Writing without a schedule.

In some purely artistic world, you wouldn't write to a schedule. You'd write when you were inspired. It would take as long as it takes.

I have a couple of problems with that.

First of all, under this blanket unending process, I'd probably never finish a book. I usually have a set time I try to write a book, a certain number of days, a certain number of words a day. It's this self-imposed discipline that results in a finished book.

The length of the book, the number of days I take, the number of words per day I try to write, seems to vary a lot, depending on the book, depending on my mood, depending on outside factors.

But the schedule I arrive at becomes binding, somehow, even though it is completely arbitrary. 

Secondly, there are those outside factors to take into account. If you have publishers, you have to try to fit your books into their schedule. The same thing with an editor and a book cover artist. I'm constantly juggling these factors.

I tend to stockpile my books, getting the editing and the cover art and the chance to submit to a publisher when I can. They don't usually come along at the same time.

So perforce, because my editors and my artists and my publishers all have a schedule, I too must have a schedule.

On writing days, and most of my days are scheduled as writing days, there is no particular hourly schedule. From the moment I wake up to the time I go to bed, writing is always lurking. I tend to focus around 11:00 on, until around 7:00, but allow myself to work outside that. I don't write all those 8 hours, but I'm thinking about it.

Lately, sometime in late afternoon, I go for my 5 mile walk, and that's where the ideas I've been playing with begin to coalesce and I get words on screen. (The walking--writing connection has become so strong a trigger, I'm actually a little worried about it.)

It is this freeing up of at least 5 days a week, at least 8 hours a day, which has made me so prolific. I don't run out of ideas, I just run out of time.

Once I came back to writing, I sort of vowed to say "Yes" to every decent idea that came along. One way I've accomplished that is by being so disciplined. If I write 6 days a week, and I give over the whole day to writing, 2000 words a day isn't that extraordinary. In fact, if you give it that much time and attention and can't do that many words, you're probably overthinking it.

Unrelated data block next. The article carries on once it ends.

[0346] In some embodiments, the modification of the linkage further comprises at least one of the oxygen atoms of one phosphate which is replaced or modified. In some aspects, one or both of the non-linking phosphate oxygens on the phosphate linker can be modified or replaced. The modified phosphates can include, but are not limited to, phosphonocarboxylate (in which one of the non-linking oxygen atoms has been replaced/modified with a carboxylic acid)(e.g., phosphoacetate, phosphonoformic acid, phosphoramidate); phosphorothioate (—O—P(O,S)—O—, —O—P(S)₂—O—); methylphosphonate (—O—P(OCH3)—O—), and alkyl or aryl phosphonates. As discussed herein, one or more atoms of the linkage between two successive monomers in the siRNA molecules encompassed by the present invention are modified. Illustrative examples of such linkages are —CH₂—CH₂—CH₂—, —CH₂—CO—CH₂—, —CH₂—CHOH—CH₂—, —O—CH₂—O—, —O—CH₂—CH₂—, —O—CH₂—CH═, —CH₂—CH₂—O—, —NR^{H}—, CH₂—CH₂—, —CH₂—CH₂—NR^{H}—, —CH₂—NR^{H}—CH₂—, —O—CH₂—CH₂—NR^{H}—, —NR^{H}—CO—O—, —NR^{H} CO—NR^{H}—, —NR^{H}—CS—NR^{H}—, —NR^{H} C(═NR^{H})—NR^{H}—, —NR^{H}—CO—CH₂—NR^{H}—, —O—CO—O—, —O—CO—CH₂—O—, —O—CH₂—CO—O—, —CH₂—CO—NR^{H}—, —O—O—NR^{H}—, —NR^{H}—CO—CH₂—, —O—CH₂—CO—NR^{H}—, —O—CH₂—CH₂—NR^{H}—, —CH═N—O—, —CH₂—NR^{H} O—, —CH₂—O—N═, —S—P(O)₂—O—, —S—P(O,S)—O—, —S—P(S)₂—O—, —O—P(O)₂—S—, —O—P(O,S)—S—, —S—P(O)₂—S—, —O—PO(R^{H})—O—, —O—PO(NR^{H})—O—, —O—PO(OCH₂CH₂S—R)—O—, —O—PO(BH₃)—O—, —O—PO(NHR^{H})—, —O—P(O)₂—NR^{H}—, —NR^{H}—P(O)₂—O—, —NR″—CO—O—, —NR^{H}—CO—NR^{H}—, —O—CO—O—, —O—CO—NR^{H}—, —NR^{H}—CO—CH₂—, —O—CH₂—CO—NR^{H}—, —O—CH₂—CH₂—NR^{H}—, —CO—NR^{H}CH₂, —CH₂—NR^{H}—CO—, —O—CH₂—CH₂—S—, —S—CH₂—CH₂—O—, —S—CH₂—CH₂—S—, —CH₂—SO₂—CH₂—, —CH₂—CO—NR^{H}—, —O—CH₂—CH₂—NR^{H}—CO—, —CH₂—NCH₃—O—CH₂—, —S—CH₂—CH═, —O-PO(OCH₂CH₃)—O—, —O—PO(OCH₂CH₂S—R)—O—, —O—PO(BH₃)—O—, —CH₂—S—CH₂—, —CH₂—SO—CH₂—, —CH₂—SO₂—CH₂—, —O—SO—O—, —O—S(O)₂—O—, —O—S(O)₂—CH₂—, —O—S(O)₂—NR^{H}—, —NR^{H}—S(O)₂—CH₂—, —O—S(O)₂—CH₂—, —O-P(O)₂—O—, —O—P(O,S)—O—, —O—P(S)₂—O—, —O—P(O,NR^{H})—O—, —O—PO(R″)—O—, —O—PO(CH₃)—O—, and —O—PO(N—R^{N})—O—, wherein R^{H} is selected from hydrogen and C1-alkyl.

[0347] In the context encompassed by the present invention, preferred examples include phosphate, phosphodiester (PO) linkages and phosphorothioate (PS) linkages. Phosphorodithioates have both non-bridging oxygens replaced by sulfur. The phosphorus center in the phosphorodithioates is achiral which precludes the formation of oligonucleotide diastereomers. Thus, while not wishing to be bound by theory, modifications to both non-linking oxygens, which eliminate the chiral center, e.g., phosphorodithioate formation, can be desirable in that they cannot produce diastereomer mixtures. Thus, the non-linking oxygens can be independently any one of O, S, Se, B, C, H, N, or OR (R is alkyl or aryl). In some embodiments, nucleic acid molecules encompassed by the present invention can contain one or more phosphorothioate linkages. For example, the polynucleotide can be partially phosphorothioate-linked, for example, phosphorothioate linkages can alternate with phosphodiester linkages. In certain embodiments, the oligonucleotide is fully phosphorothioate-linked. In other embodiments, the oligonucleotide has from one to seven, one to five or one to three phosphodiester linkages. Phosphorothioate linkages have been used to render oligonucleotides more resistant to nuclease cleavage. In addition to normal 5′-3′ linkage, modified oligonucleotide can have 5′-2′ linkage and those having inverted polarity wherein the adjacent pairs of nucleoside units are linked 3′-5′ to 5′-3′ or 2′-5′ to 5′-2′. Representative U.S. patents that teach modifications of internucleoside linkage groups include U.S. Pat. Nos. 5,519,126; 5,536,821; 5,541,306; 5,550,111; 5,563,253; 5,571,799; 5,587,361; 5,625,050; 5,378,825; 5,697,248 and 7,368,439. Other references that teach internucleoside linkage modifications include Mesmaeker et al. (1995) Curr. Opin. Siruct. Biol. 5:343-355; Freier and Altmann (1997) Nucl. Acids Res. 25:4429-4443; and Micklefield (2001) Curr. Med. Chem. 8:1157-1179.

Well, in the course of a year, that's one hell of a lot of words. Even if you take, say, 1/4 of the available time for rewriting, it still produces a bunch of stories. (For me, taking more than that much time on rewriting is overdoing it--I almost always make the book worse instead of better.)

Anyway, as you can see, I've worked out a process.

With the latest book, "Fairy Punk," I reached the point in the book where I'd usually be crafting an ending, making sure the plot all comes together.

But I've decided this time not to truncate the "quest" just because I have some artificial schedule. This time, I'm going to keep writing as long as the journey is interesting.

It also turns out, because of the scheduling with my outside factors, that I more or less have an extra month or two to write if I want to take them.

So I'm writing this book without a particular pressure to complete it within a certain amount of time. The only requirement is that I keep to my daily schedule and that I continue to enjoy writing it.

It would be kind of cool to make it an "epic." Somewhere north of 150K words. I don't think that is going to happen, but a 100K is pretty much within reach.

But that's just it. I'm leaving it open-ended. There is no schedule for finishing, and I'm sort of enjoying that freedom.